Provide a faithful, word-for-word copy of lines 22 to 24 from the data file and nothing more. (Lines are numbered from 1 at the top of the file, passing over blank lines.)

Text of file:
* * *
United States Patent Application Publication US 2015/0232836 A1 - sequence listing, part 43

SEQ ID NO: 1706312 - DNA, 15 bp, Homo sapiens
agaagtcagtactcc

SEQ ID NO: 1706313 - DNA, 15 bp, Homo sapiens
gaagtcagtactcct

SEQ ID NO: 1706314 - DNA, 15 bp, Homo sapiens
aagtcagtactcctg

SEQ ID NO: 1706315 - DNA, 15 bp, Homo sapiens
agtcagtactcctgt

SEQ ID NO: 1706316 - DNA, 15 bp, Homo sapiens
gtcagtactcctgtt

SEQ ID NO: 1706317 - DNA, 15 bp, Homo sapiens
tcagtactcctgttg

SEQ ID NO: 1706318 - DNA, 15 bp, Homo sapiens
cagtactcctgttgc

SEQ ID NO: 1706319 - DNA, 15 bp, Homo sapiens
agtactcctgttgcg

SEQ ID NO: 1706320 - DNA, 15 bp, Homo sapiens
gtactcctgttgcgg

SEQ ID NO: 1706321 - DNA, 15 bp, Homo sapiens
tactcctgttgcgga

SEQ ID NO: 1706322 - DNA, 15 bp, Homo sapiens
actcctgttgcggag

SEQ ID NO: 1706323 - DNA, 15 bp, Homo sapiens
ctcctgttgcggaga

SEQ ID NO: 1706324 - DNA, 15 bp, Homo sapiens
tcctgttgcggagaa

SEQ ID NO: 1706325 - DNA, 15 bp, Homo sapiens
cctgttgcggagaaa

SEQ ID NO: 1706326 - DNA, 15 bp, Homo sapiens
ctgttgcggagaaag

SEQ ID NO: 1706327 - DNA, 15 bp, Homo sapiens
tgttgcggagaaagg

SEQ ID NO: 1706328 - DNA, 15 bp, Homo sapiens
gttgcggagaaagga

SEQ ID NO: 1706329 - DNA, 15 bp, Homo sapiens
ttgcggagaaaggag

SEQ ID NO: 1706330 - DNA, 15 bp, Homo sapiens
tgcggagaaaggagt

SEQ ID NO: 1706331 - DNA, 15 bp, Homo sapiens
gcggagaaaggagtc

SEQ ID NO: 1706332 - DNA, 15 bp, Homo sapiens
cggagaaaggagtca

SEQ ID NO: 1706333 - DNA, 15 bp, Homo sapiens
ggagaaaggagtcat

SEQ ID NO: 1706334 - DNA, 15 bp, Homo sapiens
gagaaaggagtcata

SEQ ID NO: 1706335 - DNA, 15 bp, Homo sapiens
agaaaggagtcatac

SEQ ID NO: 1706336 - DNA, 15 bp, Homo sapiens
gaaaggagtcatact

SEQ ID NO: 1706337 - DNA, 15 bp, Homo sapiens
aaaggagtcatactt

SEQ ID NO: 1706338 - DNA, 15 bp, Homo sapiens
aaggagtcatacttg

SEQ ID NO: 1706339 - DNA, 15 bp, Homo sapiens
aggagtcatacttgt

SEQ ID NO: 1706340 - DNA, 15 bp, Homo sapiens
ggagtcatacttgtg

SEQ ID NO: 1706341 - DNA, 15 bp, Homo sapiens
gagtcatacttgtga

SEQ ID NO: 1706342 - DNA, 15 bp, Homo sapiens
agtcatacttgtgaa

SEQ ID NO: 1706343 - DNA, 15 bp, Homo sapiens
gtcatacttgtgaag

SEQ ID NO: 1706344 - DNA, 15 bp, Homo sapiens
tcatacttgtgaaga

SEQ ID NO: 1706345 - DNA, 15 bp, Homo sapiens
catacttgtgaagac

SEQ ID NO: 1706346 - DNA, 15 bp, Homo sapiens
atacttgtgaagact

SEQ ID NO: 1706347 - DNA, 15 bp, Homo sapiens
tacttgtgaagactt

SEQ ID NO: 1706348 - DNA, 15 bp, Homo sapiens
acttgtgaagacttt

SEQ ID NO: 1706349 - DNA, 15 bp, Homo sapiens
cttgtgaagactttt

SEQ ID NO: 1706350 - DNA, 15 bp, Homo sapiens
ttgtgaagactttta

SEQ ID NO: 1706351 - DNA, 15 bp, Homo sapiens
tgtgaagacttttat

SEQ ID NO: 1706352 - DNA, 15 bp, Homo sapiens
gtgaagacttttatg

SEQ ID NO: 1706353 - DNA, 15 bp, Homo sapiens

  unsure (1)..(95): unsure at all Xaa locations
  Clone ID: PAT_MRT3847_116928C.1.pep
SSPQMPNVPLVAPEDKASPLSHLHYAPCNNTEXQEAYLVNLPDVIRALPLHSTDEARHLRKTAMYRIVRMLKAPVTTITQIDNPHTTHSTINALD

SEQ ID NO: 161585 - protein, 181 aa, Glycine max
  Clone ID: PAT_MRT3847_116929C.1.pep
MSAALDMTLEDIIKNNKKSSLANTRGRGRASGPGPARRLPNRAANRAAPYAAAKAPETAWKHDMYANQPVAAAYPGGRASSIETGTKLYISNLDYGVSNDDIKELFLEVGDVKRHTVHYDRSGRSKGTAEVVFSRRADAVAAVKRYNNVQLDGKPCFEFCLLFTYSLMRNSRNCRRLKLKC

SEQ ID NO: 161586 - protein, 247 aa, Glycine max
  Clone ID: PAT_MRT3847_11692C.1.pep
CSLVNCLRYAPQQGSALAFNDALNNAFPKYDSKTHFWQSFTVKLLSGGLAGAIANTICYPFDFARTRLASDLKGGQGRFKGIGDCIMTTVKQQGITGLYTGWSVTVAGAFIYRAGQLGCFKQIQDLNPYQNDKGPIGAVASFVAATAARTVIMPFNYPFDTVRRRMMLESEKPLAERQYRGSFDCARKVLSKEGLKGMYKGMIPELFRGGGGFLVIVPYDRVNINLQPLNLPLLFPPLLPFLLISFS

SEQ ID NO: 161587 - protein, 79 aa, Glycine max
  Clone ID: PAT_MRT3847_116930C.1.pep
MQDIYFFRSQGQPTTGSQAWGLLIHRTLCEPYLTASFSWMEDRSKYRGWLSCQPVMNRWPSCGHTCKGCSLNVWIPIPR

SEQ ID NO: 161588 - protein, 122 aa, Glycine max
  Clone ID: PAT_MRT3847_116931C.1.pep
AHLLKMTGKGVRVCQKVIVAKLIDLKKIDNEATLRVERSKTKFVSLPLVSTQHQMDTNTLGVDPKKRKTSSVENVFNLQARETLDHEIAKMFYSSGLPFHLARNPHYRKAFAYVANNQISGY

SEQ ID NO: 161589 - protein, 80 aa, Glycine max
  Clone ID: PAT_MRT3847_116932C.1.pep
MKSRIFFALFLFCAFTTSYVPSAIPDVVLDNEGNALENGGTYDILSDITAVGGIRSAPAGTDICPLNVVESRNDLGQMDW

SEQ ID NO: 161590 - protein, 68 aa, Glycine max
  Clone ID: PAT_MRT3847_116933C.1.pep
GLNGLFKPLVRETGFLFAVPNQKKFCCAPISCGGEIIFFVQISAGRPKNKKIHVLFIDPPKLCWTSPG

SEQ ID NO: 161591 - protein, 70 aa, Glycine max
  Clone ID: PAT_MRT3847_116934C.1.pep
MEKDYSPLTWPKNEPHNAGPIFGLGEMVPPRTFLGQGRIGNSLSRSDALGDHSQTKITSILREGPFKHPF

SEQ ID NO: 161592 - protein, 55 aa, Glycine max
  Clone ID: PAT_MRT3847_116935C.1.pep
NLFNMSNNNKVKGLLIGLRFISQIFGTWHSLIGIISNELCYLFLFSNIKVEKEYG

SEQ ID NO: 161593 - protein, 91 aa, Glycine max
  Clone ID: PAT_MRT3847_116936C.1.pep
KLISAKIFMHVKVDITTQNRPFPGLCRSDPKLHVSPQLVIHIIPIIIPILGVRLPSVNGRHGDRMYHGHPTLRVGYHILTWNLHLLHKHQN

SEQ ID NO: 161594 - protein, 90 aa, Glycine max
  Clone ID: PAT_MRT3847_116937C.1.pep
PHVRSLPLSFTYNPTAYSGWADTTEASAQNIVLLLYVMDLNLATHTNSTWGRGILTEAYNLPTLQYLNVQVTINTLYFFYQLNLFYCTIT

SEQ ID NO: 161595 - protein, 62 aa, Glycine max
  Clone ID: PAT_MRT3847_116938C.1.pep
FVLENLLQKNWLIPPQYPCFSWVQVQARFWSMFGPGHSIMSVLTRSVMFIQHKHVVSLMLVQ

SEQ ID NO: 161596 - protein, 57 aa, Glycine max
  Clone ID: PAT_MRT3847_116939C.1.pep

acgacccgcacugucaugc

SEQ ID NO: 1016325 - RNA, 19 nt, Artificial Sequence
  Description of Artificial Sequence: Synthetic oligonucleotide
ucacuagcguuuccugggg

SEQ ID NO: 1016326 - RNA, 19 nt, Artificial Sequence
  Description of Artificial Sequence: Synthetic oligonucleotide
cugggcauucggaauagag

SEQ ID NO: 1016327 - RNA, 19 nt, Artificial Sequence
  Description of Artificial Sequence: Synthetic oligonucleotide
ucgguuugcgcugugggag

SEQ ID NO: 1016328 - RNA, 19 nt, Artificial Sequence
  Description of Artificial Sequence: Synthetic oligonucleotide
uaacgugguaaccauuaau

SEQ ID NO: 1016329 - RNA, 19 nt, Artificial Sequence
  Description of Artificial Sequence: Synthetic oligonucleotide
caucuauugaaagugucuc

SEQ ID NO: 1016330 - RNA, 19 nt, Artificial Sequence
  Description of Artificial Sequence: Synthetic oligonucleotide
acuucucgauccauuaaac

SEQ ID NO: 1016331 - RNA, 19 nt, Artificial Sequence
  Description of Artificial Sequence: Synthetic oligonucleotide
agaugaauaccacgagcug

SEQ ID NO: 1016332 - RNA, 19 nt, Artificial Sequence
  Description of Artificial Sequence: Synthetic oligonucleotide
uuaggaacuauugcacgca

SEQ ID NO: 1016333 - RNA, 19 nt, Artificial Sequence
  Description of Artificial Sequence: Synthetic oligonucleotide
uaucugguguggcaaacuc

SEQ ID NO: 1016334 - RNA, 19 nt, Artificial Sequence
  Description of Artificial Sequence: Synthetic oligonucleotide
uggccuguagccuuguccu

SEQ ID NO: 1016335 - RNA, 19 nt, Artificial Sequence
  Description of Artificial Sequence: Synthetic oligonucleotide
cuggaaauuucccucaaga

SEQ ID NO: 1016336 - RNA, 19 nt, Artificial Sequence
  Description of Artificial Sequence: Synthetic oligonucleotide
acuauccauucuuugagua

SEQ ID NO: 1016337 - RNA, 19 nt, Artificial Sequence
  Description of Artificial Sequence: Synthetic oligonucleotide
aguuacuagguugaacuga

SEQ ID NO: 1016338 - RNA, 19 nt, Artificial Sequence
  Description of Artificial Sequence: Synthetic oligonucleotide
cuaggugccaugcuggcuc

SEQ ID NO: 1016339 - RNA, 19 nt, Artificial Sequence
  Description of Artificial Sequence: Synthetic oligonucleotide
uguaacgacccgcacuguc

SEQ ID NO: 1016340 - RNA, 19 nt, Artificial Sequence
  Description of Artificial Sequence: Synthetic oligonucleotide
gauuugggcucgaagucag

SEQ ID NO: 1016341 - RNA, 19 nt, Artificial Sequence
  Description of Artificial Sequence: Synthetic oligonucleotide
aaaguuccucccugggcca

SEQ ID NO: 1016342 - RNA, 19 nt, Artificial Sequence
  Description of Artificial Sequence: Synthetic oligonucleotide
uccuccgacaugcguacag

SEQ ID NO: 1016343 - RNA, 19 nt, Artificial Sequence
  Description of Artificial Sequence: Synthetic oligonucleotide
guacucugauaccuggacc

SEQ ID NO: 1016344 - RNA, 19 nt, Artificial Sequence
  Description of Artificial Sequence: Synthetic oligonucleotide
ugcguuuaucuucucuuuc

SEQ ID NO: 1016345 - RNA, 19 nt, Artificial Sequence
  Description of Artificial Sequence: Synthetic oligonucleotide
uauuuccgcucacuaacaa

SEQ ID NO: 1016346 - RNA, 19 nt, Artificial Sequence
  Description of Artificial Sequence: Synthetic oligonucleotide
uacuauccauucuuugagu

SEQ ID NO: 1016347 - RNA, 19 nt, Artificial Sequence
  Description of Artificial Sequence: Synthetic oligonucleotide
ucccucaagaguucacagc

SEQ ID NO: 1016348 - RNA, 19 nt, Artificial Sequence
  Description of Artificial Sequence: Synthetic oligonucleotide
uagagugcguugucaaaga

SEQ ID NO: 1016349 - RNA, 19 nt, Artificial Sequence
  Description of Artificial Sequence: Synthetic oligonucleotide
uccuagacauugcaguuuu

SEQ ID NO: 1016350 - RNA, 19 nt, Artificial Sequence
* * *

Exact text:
SEQ ID NO: 1706322 - DNA, 15 bp, Homo sapiens
actcctgttgcggag

SEQ ID NO: 1706323 - DNA, 15 bp, Homo sapiens